Attorney General Ashley Moody lauds accomplishments, ‘record’ Legislative Session
Ashley Moody takes the fight with Big Tech to the Supreme Court. Image via AP.

Ashley Moody
Several bills addressed sex crimes and human trafficking.

A suite of criminal justice bills passed this year in what Attorney General Ashley Moody called “a Legislative Session for the record books.” Her office highlighted at least eight different pieces of legislation and several budget accomplishments that she said are making Florida safer.

“We worked hard with our great legislative leaders to pass important public-safety bills that protect human trafficking survivors, punish illicit fentanyl dealers, strengthen bond laws and help allocate the more than $3 billion we secured through our historic opioid litigation,” Moody said. 

“I want to thank House Speaker (Paul) Renner, Senate President (Kathleen) Passidomo and every member who voted in favor of these important measures that will help us build a stronger, safer Florida.”

Moody appeared with Gov. Ron DeSantis at a bill signing recently highlighting the passage of HB 1627, a package carried by Fleming Island Republican Rep. Sam Garrison and Fort Myers Republican Sen. Jonathan Martin. The bill changed the state’s bail system to require certain detainees considered dangerous to appear before a judge before they’re given pretrial release.

The bill also requires people who are arrested and considered dangerous to remain in jail until the disposition of their case. Opponents to such measures would note the policies carry with them a presumption of guilt by keeping someone behind bars until proven they should be released.

Another bill backed by Moody, HB 1359, creates a new first-degree felony with a mandatory minimum three-year prison sentence for anyone dealing in food- or candy-based fentanyl products. The bill, headed up by DeFuniak Springs Republican Rep. Shane Abbott and Zephyrhills Republican Sen. Danny Burgess, also creates a mandatory minimum sentence of 25 years to life in prison for an adult dealing at least four grams of fentanyl or a fentanyl analog to a minor.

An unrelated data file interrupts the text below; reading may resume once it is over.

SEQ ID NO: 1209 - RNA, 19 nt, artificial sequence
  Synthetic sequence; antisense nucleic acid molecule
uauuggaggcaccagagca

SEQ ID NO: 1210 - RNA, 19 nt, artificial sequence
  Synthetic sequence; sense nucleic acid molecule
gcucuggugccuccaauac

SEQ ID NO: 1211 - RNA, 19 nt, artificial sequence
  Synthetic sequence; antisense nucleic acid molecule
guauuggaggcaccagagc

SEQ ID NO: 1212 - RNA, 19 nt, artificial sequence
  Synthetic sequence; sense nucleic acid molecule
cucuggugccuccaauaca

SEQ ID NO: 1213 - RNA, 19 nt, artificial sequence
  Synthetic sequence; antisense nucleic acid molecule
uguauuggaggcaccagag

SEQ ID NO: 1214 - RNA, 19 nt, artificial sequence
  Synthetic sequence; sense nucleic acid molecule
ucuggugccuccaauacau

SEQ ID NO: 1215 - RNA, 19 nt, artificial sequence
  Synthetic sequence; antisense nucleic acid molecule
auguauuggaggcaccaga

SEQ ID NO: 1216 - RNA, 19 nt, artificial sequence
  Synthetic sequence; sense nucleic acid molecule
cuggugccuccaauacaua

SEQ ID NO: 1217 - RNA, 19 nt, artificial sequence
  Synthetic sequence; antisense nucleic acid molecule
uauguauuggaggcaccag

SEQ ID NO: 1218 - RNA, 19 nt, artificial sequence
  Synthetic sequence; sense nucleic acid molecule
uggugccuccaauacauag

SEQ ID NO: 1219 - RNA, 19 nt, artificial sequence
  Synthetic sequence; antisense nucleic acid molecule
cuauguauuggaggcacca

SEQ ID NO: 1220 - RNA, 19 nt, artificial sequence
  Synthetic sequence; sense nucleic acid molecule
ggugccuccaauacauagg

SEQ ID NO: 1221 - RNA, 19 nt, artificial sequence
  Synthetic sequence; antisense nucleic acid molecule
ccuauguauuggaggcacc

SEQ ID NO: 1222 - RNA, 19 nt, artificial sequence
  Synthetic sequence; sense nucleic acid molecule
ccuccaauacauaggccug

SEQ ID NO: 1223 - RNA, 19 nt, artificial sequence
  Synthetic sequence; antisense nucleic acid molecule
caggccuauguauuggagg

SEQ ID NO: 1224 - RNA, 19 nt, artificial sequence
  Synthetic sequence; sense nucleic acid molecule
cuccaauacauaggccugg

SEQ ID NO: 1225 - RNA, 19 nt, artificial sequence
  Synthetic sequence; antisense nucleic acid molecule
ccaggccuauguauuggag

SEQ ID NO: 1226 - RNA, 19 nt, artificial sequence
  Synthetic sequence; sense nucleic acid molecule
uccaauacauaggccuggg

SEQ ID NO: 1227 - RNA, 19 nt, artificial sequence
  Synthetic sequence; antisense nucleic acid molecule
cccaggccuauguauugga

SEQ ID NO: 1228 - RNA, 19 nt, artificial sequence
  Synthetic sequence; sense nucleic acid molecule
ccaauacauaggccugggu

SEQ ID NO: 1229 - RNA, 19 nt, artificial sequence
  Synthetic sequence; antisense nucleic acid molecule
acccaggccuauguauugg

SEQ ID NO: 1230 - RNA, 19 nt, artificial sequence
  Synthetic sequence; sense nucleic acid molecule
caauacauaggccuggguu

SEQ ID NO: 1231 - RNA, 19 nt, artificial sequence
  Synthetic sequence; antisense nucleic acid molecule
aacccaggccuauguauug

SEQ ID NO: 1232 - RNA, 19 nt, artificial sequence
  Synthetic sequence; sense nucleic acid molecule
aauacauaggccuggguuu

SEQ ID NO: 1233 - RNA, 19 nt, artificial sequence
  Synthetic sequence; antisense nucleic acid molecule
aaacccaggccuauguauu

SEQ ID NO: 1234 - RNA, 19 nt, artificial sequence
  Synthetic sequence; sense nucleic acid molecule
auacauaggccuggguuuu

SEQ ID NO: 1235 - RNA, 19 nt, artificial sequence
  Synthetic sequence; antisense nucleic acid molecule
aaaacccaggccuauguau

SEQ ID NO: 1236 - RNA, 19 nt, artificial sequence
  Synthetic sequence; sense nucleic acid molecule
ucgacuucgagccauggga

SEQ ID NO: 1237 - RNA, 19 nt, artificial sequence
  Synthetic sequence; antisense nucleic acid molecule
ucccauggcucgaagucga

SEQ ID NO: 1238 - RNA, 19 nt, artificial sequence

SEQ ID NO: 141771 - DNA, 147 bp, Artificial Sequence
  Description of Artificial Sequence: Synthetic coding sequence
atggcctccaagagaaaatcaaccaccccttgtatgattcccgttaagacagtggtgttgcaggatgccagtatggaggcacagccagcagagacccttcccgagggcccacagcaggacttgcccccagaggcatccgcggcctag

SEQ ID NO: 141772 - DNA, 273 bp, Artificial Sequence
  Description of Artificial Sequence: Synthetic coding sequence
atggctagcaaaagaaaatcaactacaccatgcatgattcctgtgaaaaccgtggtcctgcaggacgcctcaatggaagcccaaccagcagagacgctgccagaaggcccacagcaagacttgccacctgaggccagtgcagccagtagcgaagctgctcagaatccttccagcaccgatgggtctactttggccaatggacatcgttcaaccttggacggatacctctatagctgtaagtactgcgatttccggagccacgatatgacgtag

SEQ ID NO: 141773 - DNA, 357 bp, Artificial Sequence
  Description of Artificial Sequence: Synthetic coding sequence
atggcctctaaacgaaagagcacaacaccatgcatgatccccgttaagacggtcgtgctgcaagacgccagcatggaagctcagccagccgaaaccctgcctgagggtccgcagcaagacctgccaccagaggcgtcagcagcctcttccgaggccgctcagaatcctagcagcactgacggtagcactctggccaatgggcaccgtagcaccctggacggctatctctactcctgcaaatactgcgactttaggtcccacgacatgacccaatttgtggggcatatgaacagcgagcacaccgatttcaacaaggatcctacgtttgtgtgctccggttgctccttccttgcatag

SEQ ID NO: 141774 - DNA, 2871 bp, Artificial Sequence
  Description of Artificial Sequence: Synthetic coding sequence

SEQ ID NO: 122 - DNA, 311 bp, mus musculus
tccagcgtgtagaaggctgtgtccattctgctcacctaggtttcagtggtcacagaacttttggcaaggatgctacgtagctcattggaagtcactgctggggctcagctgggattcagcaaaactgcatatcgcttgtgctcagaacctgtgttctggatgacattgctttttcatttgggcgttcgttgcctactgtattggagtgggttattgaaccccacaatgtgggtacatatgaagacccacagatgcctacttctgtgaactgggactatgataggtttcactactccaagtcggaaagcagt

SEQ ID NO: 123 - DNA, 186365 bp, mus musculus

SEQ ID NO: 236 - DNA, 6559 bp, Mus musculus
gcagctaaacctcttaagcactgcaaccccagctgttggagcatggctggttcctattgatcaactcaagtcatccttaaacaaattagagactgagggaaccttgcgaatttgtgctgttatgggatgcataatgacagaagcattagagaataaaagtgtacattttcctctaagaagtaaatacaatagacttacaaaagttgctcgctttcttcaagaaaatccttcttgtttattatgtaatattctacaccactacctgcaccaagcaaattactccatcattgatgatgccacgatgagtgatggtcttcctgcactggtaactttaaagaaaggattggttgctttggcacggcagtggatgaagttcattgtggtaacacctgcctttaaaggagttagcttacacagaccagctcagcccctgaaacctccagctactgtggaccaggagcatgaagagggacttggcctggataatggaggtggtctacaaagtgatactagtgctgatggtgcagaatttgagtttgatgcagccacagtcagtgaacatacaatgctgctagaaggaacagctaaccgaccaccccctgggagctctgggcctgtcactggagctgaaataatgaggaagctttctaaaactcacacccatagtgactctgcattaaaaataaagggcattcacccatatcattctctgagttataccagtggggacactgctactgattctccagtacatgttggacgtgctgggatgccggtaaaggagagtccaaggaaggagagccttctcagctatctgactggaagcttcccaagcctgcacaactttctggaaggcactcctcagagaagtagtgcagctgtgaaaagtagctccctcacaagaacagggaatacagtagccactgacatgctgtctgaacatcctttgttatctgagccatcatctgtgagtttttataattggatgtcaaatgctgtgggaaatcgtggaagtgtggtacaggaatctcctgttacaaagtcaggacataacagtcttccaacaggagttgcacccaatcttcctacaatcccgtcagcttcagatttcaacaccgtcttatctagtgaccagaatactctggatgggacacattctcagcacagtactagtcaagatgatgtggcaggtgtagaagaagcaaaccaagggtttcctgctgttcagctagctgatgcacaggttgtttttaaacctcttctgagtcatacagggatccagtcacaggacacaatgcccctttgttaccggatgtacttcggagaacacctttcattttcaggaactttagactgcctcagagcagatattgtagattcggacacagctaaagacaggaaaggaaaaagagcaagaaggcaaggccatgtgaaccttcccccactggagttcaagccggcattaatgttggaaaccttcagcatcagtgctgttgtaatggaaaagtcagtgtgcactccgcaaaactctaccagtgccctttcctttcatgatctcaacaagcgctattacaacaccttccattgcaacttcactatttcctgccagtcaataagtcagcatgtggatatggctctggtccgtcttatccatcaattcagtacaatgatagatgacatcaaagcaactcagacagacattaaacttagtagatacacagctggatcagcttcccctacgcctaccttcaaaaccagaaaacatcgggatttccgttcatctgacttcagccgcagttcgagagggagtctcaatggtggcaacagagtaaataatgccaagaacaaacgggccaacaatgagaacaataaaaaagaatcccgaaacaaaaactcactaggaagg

Several bills addressed sex crimes and human trafficking, like SB 7064, which contains a private cause of action against adult entertainment businesses that don’t take appropriate steps to detect human trafficking. SB 1690 regulates adult safe houses to include requirements like mental health and substance abuse treatment, appropriate education programs at child facilities related to signs of human trafficking and certain age-appropriate signage of the same.

Legislation going to the Governor’s desk will also set up a panel to decide what’s to happen to the more than $3 billion the state received through its opioid lawsuit settlements.

Within the budget, Moody pushed for a drug takeback kiosk program expected to establish more than 500 statewide. The Office of Statewide Prosecution, meanwhile, will receive funds and authorization to create and staff a cold case unit.

Wes Wolfe

Wes Wolfe is a reporter who's worked for newspapers across the South, winning press association awards for his work in Georgia and the Carolinas. He lives in Jacksonville and previously covered state politics, environmental issues and courts for the News-Leader in Fernandina Beach. You can reach Wes at [email protected] and @WesWolfeFP. Facebook: facebook.com/wes.wolfe


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  • Elliott Offen

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Comments are closed.


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